Wednesday, November 28, 2012

Whipple School

The Whipple School is located at 609 State Street, on the northeast corner of State and Summer Streets.

Towards the end of the 19th Century, Portsmouth appropriated approximately $75,600 for the construction of two new modern school facilities. The city built them in 1889-1890, and they opened in 1890 as the Whipple School and the Farragut School. That year, Portsmouth abandoned five old school buildings: the Bartlett, Cabot Street, Jones, Peabody, and Walker. All of the faculty and students from these old facilities were transferred to the new Whipple and Farragut Schools. Both of the new buildings held 14 classrooms for Primary students. 

The following excerpt, written by the Superintendent of Schools, C. H. Morss, is taken from Receipts and Expenditures of the Town of Portsmouth for 1890, the year the two schools opened:

“One of the greatest evils of the graded system is the tendency to place too large a number of pupils in charge of one teacher. This is a great mistake, as it prevents individual instruction. The teaching of a class as a whole can never produce the best results. It is only when the teacher knows the needs of each and every pupil, and can base her instruction upon these, that we look for the true school work. A class of fifty is so large as to compel the teacher to handle them as a whole, and prevent her giving that particular attention to the requirements of each so necessary to their advancement. Forty pupils properly taught will furnish all the work one teacher can possibly do. Add more to the number, and more class teaching and less individual work must result. As the time spent by the average child in school is very short, our endeavor should be to train him as thoroughly as possible, to strengthen his weak places, and to give him as much instruction as he can receive. If we take forty as the number of pupils to a teacher of a one-grade room, a two-grade room should not have above thirty-five, and a school having more than two grades ought not to have over twenty-five or thirty pupils. The tendency everywhere at present seems to be to decrease the number of pupils to a teacher, and no mistaken notion of economy should allow us to retard a child's progress by placing him in a crowded room.”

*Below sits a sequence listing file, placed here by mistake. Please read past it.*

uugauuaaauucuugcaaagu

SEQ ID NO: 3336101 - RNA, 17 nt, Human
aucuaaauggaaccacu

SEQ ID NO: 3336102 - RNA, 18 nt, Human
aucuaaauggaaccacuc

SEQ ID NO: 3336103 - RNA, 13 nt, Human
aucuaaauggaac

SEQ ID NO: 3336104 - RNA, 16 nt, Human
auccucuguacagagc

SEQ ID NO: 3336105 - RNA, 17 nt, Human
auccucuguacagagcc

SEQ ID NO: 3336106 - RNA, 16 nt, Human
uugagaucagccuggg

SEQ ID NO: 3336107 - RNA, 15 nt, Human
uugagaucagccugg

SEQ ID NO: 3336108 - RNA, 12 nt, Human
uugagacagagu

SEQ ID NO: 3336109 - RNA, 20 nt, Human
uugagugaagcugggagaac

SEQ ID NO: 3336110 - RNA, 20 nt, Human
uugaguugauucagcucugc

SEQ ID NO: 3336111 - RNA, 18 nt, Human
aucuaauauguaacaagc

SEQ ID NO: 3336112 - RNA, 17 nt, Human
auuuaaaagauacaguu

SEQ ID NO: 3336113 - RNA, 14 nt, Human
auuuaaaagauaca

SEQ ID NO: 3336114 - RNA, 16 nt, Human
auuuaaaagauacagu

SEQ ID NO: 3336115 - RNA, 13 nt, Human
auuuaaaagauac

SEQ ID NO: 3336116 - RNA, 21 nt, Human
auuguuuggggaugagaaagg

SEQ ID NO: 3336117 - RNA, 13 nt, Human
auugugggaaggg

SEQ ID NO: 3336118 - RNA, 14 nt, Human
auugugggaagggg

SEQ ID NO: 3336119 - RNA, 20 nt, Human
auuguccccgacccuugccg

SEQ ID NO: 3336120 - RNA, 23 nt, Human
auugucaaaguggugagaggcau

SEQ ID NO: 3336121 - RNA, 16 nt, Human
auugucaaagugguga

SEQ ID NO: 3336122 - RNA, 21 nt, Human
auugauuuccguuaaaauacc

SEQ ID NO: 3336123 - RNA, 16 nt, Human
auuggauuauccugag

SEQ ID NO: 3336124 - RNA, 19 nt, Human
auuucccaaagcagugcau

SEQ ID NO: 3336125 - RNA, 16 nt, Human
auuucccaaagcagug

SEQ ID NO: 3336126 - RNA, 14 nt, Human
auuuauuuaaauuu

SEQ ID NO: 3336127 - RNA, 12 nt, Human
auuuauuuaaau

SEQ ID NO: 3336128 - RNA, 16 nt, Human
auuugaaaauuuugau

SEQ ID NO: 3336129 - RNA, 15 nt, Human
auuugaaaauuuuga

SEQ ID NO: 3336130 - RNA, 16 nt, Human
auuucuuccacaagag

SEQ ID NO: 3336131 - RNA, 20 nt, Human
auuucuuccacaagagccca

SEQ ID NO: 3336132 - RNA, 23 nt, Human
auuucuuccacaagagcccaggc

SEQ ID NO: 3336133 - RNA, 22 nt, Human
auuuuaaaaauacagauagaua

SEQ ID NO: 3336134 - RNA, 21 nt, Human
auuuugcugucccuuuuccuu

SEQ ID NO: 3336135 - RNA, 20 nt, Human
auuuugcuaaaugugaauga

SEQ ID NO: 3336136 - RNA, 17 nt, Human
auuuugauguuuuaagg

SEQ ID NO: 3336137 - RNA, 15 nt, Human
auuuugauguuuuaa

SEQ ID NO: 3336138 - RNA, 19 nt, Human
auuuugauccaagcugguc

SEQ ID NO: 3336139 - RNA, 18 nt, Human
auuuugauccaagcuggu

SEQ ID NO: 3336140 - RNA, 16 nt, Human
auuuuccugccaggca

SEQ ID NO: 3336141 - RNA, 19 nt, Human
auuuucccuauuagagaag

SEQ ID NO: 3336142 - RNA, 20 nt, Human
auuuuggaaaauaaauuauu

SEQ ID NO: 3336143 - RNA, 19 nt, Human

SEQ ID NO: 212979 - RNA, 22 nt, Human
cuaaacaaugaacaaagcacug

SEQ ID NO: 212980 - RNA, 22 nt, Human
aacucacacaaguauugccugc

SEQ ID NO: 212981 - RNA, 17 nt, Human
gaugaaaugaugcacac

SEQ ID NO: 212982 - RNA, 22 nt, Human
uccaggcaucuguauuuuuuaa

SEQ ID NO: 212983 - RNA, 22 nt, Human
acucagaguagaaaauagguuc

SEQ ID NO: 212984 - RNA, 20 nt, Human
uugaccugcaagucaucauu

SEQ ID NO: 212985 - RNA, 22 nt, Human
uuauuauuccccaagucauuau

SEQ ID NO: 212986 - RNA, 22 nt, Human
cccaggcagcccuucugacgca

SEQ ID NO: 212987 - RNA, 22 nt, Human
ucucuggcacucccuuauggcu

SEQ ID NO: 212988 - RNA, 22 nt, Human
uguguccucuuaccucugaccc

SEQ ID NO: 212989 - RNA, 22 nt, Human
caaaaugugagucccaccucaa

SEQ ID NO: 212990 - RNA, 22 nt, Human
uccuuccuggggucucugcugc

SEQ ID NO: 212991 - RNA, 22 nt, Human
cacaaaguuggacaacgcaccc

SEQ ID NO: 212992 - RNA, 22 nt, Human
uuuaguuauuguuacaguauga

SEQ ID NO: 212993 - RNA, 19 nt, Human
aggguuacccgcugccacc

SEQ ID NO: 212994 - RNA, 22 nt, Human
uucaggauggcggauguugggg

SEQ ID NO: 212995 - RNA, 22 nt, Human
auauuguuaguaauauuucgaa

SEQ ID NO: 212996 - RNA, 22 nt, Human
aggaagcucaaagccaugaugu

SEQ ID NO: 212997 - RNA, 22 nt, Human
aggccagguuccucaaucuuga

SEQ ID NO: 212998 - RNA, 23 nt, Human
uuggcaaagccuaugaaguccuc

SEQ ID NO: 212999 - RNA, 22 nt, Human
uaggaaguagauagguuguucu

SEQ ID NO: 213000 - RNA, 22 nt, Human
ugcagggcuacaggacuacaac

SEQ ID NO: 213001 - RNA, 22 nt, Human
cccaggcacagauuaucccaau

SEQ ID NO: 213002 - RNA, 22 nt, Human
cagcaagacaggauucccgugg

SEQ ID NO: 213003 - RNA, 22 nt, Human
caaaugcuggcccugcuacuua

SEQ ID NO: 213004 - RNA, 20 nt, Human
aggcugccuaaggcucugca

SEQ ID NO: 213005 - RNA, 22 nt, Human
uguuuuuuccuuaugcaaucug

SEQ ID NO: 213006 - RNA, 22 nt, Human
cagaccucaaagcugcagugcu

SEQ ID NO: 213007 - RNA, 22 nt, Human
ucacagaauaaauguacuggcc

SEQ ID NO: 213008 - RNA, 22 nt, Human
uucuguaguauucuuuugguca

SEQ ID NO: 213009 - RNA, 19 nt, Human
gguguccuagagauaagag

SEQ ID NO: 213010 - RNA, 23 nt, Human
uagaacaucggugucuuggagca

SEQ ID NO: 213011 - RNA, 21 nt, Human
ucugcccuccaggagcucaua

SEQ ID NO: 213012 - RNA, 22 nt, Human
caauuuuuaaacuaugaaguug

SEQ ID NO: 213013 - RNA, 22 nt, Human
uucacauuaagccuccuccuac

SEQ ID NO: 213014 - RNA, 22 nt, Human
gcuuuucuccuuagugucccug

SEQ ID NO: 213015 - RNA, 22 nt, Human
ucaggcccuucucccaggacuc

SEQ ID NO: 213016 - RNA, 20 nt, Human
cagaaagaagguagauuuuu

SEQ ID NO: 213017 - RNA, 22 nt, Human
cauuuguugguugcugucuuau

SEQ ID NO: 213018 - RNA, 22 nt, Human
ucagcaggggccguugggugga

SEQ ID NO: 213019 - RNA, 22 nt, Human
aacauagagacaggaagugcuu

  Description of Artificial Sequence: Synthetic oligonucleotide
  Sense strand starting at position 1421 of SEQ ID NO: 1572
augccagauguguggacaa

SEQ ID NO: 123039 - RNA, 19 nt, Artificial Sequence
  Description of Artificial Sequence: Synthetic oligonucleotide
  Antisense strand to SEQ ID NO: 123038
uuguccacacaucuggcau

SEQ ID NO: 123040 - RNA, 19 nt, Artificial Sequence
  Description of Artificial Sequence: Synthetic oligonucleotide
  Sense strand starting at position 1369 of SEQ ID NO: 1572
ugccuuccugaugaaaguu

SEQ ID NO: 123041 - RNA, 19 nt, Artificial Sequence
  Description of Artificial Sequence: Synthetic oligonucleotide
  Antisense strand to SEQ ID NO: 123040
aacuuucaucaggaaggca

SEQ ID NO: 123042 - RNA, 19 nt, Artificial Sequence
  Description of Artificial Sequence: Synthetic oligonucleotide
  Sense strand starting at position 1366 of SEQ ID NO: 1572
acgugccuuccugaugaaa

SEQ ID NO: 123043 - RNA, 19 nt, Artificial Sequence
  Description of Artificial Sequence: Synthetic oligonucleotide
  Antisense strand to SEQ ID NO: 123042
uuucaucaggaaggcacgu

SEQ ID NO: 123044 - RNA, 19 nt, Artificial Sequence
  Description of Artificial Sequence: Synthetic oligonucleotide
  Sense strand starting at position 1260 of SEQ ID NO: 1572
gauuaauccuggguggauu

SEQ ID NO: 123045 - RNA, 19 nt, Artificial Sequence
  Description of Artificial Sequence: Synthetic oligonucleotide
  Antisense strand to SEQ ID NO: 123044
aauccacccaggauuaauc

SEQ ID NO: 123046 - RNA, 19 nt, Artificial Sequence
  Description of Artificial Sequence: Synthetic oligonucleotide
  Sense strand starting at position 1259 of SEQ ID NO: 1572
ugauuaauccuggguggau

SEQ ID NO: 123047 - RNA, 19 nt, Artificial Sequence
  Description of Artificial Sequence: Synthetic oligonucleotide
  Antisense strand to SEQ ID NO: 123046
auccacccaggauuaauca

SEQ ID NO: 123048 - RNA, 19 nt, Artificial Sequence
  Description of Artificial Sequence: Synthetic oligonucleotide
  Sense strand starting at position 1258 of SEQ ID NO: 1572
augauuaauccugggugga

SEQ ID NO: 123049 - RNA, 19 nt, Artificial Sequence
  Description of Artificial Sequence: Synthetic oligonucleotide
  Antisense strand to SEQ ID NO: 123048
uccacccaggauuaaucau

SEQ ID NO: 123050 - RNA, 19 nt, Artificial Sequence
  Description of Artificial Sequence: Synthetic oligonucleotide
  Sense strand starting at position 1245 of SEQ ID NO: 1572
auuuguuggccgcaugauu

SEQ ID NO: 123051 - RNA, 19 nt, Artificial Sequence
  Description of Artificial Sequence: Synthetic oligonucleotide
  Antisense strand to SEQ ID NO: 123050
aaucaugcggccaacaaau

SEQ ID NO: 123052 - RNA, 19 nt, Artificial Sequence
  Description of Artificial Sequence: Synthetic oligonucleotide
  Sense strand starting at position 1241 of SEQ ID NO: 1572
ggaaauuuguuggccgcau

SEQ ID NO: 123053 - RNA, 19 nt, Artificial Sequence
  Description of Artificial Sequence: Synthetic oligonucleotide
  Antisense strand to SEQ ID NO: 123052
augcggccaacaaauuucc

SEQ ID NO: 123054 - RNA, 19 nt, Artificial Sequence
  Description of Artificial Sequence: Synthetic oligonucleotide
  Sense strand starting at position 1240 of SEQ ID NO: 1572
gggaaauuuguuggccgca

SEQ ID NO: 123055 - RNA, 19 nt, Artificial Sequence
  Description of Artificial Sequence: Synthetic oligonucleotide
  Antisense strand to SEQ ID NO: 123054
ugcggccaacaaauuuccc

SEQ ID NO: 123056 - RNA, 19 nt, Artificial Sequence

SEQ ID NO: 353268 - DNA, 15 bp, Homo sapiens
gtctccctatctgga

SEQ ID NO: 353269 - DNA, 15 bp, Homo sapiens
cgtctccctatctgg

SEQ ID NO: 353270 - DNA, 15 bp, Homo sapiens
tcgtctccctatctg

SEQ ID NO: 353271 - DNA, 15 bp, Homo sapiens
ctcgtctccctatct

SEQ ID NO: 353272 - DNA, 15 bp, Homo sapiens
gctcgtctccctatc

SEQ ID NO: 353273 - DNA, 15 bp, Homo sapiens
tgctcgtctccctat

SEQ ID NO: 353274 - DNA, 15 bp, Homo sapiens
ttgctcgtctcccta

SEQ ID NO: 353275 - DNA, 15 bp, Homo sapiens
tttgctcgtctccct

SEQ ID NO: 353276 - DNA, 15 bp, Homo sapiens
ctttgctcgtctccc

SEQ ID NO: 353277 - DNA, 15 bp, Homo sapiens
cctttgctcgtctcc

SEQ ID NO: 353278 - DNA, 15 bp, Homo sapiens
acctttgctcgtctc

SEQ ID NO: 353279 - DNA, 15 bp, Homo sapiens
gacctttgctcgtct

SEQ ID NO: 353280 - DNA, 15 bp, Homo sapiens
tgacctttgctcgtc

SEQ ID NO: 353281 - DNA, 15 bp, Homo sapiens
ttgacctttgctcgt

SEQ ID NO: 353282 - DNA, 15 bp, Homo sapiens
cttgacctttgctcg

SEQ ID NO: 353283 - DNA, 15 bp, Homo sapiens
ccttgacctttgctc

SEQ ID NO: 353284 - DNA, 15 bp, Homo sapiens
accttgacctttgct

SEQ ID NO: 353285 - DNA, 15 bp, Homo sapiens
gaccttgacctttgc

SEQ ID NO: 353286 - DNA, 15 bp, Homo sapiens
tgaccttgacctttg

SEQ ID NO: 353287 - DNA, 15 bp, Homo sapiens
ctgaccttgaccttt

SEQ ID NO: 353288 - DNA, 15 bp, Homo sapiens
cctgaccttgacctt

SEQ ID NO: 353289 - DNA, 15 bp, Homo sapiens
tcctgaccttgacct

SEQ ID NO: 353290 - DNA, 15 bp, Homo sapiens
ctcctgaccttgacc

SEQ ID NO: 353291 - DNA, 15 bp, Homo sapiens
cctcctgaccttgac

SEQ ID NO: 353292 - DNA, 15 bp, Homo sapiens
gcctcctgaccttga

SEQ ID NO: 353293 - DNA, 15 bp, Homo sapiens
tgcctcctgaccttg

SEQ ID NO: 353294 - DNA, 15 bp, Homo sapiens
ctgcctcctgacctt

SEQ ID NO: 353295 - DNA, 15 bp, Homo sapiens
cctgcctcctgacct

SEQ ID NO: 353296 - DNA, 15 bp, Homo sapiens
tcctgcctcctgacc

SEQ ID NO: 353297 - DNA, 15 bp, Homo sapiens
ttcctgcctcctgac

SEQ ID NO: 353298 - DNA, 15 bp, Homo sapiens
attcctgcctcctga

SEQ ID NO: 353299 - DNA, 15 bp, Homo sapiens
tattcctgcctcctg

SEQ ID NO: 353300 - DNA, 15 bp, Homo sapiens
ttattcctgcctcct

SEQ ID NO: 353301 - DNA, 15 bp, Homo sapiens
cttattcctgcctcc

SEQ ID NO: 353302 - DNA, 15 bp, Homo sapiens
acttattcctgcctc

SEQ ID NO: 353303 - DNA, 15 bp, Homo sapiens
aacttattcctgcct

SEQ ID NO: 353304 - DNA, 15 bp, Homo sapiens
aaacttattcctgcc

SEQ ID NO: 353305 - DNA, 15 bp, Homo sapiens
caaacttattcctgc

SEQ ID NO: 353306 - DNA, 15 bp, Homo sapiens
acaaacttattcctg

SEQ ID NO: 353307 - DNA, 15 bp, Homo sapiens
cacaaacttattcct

The Whipple School is named after Portsmouth resident and signer of the Declaration of Independence, General William Whipple, who resided in the Moffatt-Ladd House.

This area of State Street is known as Mason Hill and was named for Jeremiah Mason, a prominent lawyer and politician, who lived across the street in the Mason House.

The photograph below appeared in C. S. Gurney's invaluable 1902 book, Portsmouth . . . Historic and Picturesque. My 2012 picture shows the difficulty of photographing this building due to the foliage surrounding it.

The building is now an 11-unit housing complex known as the Whipple School Condominium.

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